I wrote here last year about a Thanksgiving prayer you can say all-year round. And I was recently reminded again of the importance of giving daily thanks for the good in our lives, via my favorite spiritual primer, The Worldwide Laws of Life by John Templeton.
Templeton has written much about gratitude, advising us to “give praise and be thankful”, not in blind obedience to God, but because it “can open the door to the increased flow of abundance” in our own lives. Templeton believes that our actions create a feedback loop, recommending that we:
Say what is good and to give forth blessings, knowing that the moment we have spoken gratitude we may begin to receive.
In a chapter on gratitude, Templeton included a Thanksgiving letter by Pauline Philips who for years wrote the “Dear Abby” column under the pen name Abigail Van Buren. This poem (which I edited lightly) first appeared in 1991 and points out that we all have something to be thankful for.
Tomorrow is Thanksgiving. So let us pause for a moment today and make a mental note of all those blessings for which we can be thankful.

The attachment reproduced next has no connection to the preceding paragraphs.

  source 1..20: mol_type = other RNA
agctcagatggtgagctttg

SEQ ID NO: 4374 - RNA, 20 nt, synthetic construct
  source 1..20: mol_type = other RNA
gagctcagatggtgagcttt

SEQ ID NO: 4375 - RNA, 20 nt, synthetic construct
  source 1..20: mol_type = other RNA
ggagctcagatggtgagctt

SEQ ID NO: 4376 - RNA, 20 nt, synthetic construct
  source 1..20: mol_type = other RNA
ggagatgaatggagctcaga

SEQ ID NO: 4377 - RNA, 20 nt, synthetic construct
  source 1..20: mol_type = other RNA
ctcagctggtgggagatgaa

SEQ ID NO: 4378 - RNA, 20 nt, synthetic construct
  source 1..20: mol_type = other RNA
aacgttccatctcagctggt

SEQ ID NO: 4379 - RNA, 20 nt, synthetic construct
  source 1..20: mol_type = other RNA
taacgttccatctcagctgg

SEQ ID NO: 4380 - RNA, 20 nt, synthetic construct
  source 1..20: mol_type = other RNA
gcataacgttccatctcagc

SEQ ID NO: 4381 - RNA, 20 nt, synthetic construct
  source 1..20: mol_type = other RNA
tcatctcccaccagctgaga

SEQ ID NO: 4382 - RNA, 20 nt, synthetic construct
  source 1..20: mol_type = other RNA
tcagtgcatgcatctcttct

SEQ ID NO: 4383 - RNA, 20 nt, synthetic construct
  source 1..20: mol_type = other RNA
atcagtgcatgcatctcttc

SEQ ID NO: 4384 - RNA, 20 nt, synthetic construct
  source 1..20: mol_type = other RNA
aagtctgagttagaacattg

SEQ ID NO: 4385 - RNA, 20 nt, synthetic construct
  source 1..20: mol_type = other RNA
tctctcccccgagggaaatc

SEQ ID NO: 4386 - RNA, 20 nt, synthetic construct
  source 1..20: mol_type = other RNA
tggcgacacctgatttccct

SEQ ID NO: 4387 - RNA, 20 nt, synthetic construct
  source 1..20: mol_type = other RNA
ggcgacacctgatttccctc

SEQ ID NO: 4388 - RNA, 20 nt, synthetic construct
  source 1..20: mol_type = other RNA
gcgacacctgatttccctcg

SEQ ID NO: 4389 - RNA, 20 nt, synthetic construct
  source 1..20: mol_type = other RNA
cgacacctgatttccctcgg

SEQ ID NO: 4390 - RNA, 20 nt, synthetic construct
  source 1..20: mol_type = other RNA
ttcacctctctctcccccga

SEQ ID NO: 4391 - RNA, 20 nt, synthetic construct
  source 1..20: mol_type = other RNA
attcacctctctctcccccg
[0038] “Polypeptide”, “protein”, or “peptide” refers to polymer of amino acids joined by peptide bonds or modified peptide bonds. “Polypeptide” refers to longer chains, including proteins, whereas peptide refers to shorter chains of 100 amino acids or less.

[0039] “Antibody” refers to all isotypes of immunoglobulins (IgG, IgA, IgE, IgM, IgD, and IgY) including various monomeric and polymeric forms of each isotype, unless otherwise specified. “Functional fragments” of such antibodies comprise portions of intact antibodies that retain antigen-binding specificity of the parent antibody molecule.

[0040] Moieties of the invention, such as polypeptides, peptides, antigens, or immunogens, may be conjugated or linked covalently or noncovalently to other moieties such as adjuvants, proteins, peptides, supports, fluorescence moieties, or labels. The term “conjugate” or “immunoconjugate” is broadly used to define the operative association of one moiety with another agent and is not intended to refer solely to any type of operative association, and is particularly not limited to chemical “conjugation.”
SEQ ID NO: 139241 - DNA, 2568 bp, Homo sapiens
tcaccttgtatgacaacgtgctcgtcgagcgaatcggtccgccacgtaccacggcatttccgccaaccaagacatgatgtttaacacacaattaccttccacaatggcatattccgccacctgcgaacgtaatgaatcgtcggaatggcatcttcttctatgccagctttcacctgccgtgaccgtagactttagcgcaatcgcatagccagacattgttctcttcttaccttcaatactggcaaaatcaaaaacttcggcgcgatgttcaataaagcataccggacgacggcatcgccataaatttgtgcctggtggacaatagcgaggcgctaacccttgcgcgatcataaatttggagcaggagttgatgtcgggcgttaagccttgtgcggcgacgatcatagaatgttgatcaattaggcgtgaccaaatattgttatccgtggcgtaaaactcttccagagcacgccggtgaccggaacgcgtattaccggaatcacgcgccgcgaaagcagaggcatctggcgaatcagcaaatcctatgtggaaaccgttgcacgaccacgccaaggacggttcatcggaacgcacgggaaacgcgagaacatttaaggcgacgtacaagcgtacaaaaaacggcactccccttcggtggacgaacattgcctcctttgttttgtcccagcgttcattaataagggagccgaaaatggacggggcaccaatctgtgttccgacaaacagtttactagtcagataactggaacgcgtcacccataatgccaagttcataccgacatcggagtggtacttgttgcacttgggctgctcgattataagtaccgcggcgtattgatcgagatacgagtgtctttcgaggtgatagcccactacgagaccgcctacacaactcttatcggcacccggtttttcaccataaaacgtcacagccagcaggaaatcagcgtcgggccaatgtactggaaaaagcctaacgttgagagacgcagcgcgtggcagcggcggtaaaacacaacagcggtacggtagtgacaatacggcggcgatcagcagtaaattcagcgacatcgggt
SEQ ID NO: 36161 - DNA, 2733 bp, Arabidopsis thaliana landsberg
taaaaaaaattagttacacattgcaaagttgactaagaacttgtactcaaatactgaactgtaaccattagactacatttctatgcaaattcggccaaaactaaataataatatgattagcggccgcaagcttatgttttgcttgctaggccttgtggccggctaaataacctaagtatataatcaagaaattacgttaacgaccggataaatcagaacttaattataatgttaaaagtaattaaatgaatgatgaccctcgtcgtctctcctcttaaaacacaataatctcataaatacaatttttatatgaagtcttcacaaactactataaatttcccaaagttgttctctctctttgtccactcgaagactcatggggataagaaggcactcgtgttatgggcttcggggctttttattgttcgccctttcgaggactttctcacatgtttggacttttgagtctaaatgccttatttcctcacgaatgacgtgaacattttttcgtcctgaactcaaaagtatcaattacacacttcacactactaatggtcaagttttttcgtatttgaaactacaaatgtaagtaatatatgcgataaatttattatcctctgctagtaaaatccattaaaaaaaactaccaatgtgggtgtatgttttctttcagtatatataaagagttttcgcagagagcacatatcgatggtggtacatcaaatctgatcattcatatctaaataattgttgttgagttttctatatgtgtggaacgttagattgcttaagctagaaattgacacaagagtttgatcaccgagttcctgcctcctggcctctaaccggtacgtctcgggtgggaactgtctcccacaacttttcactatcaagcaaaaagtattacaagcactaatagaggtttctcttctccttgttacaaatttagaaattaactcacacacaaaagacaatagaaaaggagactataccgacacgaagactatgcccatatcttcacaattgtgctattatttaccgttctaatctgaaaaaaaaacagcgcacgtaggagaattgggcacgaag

How is your health? You have a few minor complaints? Well, thank God they`re not major. If you`re reading this, you`re still here. You can probably think of at least one person who isn`t around this year. (I know I can.)
How`s your pocketbook? Thin? You`re not alone. But many people in much of the world are a lot poorer and have far less hope than we have in America.Are you lonely? Well, the way to have a friend is to reach out to someone and try to be a friend. If nobody calls you, call someone. Go out of your way today to do something nice for another person. It`s a sure cure for the blues.
Are you concerned about your country`s future? Hooray! Our system has been saved by such concern—concern for fair treatment under the law. Our country may not be a rose garden, but it is far from a patch of weeds. You can worship in the church of your choice (or not worship at all if that`s your choice), cast a secret ballot and even criticize our government without fear of retribution.
As a final thought I`ll repeat my Thanksgiving prayer. Perhaps you will want to use it at your table tomorrow—let one of the children read it:
Heavenly father, we thank thee for food and remember the hungry.
We thank thee for health and remember the sick.
We thank thee for friends and remember the friendless.
We thank thee for freedom and remember the enslaved.
May these remembrances stir us to service,
That thy gifts to us may be used for others. Amen.
May the spirit of Thanksgiving be shared by one and all! Have a wonderful Thanksgiving, and may God bless you and yours.
P.S. Why not invite a friend who lives alone to share a Thanksgiving meal-or better yet, call and say, “I`m coming to get you, and I`ll see that you get home.”
And a Happy Thanksgiving from me to you and your family, as well!